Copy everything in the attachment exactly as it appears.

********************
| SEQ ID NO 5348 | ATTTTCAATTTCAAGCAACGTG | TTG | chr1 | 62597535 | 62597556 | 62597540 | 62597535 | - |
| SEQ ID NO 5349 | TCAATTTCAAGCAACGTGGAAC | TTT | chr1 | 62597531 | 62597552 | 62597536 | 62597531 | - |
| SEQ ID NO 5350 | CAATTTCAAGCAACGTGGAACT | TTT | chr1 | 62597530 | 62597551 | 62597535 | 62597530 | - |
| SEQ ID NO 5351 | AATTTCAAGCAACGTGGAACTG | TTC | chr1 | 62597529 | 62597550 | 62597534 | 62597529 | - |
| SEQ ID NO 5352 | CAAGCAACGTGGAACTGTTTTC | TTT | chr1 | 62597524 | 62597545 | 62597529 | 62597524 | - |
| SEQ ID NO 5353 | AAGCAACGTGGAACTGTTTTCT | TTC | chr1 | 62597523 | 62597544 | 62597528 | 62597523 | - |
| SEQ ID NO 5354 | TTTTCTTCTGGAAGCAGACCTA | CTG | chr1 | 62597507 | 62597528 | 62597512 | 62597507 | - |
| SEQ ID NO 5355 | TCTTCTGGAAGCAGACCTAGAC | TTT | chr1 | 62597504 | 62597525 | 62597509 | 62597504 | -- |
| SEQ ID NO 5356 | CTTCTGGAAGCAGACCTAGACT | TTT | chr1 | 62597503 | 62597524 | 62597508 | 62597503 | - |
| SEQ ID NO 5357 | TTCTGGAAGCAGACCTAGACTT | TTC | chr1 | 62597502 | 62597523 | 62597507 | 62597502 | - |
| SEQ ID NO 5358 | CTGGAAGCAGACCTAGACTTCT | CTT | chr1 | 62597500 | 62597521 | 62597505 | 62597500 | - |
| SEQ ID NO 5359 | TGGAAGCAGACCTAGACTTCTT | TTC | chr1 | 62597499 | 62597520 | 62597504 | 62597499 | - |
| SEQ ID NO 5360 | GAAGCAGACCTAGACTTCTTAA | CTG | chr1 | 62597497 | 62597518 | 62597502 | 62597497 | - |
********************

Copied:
| SEQ ID NO 5348 | ATTTTCAATTTCAAGCAACGTG | TTG | chr1 | 62597535 | 62597556 | 62597540 | 62597535 | - |
| SEQ ID NO 5349 | TCAATTTCAAGCAACGTGGAAC | TTT | chr1 | 62597531 | 62597552 | 62597536 | 62597531 | - |
| SEQ ID NO 5350 | CAATTTCAAGCAACGTGGAACT | TTT | chr1 | 62597530 | 62597551 | 62597535 | 62597530 | - |
| SEQ ID NO 5351 | AATTTCAAGCAACGTGGAACTG | TTC | chr1 | 62597529 | 62597550 | 62597534 | 62597529 | - |
| SEQ ID NO 5352 | CAAGCAACGTGGAACTGTTTTC | TTT | chr1 | 62597524 | 62597545 | 62597529 | 62597524 | - |
| SEQ ID NO 5353 | AAGCAACGTGGAACTGTTTTCT | TTC | chr1 | 62597523 | 62597544 | 62597528 | 62597523 | - |
| SEQ ID NO 5354 | TTTTCTTCTGGAAGCAGACCTA | CTG | chr1 | 62597507 | 62597528 | 62597512 | 62597507 | - |
| SEQ ID NO 5355 | TCTTCTGGAAGCAGACCTAGAC | TTT | chr1 | 62597504 | 62597525 | 62597509 | 62597504 | -- |
| SEQ ID NO 5356 | CTTCTGGAAGCAGACCTAGACT | TTT | chr1 | 62597503 | 62597524 | 62597508 | 62597503 | - |
| SEQ ID NO 5357 | TTCTGGAAGCAGACCTAGACTT | TTC | chr1 | 62597502 | 62597523 | 62597507 | 62597502 | - |
| SEQ ID NO 5358 | CTGGAAGCAGACCTAGACTTCT | CTT | chr1 | 62597500 | 62597521 | 62597505 | 62597500 | - |
| SEQ ID NO 5359 | TGGAAGCAGACCTAGACTTCTT | TTC | chr1 | 62597499 | 62597520 | 62597504 | 62597499 | - |
| SEQ ID NO 5360 | GAAGCAGACCTAGACTTCTTAA | CTG | chr1 | 62597497 | 62597518 | 62597502 | 62597497 | - |